This module is composed of four quite distinct chapters. In Chapters 1 and 2, you will be introduced to the phenomenon of marine photosymbioses, and then to our star Acoela model S. roscoffensis, by Xavier. Then, Simon will take the reins in the following Chapters 3 and 4 to give you an overview of Acoela phylogeny, as well as briefly compare different acoel experimental models and the molecular techniques available.





Chapter 1: Marine photosymbioses





Chapter 2: An introduction to S. roscoffensis





Chapter 3: Acoela phylogeny



Simon Sprecher BanyulsHi, my name is Simon Sprecher, and I am a Professor in Biology and Neurogenetics at the University of Fribourg in Switzerland. A key question that has been fascinated me for years is how the brain – or more generally how nervous systems – evolved. Due to their phylogenetic position, acoel models are of great importance in studying brain evolution.

You’ve already had an introduction to one of the members of Acoela, S. roscoffensis. More generally, acoels are small, mostly marine worms that can be found in many ecological niches, and at first sight can appear quite similar to Platyhelminths, but since the first molecular phylogenies at the beginning of this century it became clear that they are a separate clade.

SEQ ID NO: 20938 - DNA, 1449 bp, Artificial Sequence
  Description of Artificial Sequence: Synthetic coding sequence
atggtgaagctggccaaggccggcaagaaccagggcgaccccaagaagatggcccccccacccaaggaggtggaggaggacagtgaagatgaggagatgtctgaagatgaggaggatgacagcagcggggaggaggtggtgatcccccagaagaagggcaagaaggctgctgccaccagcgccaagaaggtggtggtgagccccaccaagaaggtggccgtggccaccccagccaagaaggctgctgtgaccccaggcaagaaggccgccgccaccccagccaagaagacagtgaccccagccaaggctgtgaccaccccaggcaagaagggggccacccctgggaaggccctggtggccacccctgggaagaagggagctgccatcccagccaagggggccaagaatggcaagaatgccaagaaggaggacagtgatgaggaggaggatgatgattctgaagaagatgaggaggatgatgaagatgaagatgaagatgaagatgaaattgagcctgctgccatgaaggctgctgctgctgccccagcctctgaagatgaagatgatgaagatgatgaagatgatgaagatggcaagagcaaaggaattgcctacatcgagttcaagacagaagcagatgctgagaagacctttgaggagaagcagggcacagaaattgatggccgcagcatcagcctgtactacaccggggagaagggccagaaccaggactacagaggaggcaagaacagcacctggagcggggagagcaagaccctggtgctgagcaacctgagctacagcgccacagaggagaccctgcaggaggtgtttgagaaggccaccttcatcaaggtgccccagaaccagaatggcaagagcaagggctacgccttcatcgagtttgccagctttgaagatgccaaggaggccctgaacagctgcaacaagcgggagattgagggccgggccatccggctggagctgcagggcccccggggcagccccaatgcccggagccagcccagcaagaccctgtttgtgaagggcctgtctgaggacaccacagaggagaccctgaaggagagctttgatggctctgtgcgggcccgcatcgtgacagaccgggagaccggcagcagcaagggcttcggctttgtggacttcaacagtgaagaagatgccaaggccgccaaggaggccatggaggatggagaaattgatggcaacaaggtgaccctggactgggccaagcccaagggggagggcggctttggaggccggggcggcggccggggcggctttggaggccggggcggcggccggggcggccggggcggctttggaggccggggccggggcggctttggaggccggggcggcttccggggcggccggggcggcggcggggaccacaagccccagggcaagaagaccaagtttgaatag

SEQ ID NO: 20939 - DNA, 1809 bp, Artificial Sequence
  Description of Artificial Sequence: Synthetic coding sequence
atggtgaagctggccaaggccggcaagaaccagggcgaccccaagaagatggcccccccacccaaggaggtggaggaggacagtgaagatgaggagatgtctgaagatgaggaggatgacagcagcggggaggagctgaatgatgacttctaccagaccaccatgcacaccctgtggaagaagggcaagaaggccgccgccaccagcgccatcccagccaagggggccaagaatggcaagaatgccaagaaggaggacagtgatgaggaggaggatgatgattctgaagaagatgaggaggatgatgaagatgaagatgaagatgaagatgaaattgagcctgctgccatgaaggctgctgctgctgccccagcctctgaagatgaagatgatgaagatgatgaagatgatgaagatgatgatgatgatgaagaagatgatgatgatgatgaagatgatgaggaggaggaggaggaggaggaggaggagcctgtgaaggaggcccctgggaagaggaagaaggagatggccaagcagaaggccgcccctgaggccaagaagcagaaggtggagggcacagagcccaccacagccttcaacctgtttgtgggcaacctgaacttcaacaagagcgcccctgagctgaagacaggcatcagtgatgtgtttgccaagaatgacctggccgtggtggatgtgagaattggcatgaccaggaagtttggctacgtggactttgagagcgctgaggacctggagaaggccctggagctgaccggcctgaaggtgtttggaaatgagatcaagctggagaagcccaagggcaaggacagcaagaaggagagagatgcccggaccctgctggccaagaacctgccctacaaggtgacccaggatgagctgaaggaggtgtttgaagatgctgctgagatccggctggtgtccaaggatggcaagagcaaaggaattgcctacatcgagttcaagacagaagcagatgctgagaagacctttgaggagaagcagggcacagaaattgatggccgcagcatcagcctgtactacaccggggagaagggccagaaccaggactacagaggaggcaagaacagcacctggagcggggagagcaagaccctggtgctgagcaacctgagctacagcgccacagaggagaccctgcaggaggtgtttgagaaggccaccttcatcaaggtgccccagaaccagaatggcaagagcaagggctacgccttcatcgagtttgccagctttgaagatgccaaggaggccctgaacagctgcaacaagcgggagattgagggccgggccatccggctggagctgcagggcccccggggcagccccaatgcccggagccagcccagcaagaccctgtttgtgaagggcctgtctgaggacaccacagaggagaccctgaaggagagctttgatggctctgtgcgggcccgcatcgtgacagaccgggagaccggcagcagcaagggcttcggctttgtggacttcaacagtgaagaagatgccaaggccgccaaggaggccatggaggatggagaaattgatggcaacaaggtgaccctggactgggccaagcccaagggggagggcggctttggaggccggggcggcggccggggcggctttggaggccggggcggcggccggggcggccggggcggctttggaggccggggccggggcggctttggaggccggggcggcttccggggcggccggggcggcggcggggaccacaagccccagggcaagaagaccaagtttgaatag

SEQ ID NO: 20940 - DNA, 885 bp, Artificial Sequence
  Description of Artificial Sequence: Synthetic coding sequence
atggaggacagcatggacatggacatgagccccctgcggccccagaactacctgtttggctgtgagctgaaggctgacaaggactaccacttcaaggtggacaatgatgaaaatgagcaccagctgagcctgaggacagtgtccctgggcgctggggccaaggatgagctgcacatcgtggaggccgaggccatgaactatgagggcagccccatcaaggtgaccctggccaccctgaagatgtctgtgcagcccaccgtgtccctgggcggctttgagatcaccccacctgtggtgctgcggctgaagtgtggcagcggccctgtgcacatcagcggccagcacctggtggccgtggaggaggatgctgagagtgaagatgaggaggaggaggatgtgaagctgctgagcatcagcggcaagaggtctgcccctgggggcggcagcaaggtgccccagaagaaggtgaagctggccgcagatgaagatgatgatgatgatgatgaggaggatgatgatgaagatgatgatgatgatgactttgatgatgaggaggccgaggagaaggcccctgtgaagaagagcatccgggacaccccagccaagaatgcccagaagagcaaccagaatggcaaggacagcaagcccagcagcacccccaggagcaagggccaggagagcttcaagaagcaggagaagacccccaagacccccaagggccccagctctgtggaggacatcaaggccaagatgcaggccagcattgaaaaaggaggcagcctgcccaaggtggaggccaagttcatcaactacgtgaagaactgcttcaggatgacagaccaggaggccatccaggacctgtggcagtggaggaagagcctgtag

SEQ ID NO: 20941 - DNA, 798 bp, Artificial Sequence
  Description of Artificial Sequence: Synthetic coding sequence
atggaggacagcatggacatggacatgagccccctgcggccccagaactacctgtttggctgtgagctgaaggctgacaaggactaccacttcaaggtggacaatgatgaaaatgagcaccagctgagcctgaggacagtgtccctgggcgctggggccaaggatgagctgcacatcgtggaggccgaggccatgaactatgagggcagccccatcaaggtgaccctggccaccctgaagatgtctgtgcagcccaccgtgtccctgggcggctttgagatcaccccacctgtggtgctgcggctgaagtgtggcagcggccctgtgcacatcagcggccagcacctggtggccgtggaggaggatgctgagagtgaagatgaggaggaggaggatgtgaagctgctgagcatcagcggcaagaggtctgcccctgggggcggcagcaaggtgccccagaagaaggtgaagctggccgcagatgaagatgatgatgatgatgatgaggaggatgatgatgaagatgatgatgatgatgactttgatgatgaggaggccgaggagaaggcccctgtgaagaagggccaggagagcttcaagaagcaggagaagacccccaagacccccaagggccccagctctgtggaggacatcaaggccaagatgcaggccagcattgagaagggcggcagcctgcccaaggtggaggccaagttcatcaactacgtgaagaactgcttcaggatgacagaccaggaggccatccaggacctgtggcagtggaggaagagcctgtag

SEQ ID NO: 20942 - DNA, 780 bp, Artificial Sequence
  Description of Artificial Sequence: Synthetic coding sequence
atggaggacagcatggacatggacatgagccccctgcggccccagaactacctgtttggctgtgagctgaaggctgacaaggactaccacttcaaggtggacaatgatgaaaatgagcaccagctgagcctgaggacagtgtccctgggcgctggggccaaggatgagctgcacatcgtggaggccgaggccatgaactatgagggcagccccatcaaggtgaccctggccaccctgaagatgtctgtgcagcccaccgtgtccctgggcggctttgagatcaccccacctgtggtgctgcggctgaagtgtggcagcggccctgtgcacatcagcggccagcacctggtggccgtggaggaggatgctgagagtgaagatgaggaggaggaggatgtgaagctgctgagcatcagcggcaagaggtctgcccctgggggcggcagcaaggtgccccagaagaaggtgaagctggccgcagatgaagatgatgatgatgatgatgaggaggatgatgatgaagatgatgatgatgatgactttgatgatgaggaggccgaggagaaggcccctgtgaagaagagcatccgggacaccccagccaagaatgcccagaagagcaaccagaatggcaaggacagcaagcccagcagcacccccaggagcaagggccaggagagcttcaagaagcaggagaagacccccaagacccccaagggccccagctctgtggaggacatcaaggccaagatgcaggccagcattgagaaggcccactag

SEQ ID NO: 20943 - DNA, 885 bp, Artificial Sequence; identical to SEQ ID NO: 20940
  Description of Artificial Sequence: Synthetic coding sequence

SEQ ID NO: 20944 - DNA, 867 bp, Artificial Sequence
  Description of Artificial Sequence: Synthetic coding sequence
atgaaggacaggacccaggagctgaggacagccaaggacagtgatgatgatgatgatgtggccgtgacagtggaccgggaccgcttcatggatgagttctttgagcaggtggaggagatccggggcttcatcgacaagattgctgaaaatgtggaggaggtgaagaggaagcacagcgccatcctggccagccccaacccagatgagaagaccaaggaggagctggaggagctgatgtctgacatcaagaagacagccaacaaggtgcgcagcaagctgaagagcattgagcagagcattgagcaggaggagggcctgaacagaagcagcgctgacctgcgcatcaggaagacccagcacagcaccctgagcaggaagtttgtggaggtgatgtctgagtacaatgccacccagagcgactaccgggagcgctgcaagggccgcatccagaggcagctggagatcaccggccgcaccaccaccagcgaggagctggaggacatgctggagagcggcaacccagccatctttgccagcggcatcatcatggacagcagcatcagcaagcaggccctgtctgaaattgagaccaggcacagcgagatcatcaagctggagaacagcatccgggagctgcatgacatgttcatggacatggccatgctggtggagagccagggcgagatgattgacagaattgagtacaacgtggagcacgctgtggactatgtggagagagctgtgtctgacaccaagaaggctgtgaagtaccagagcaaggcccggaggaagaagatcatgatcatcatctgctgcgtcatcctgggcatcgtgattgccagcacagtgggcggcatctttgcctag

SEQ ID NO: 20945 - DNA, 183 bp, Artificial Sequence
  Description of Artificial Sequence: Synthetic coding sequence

Acoela belong to the largely enigmatic phylum Xenacoelomorpha, which consists of three clades: Xenoturbellida, Nemetodermatida and Acoela. The phylogenetic position of these clades has been highly debated, a discussion that is still not completely resolved.

Among these three clades, Acoela has about 400 described species and is therefore the most species-rich of the three clades. Nemetodermatida is comprised of a few dozen species and for a long time Xenoturbellida consisted of a single described species (there have since been a few more deep-sea species discovered).

So, what makes these marine worms so special? Above all, the fact that they are the only bilaterian clade that lacks specialized excretory systems, such as “nephridia”, simpler forms of kidneys.











Thus, in one phylogenetic scenario, they are the sister group to all “nephrozoa”, and thus would represent the clade that split off prior to the diversification of all other bilaterians. As mentioned, the precise phylogenetic position is still debated.









Head Symsa



One often easily visible, external feature that all Xenacoelomorpha share is the presence of a statocyst in its head.







Chapter4: Acoel models and molecular techniques


There are currently two Acoela species that we use in the laboratory as models, or experimental systems.

species slide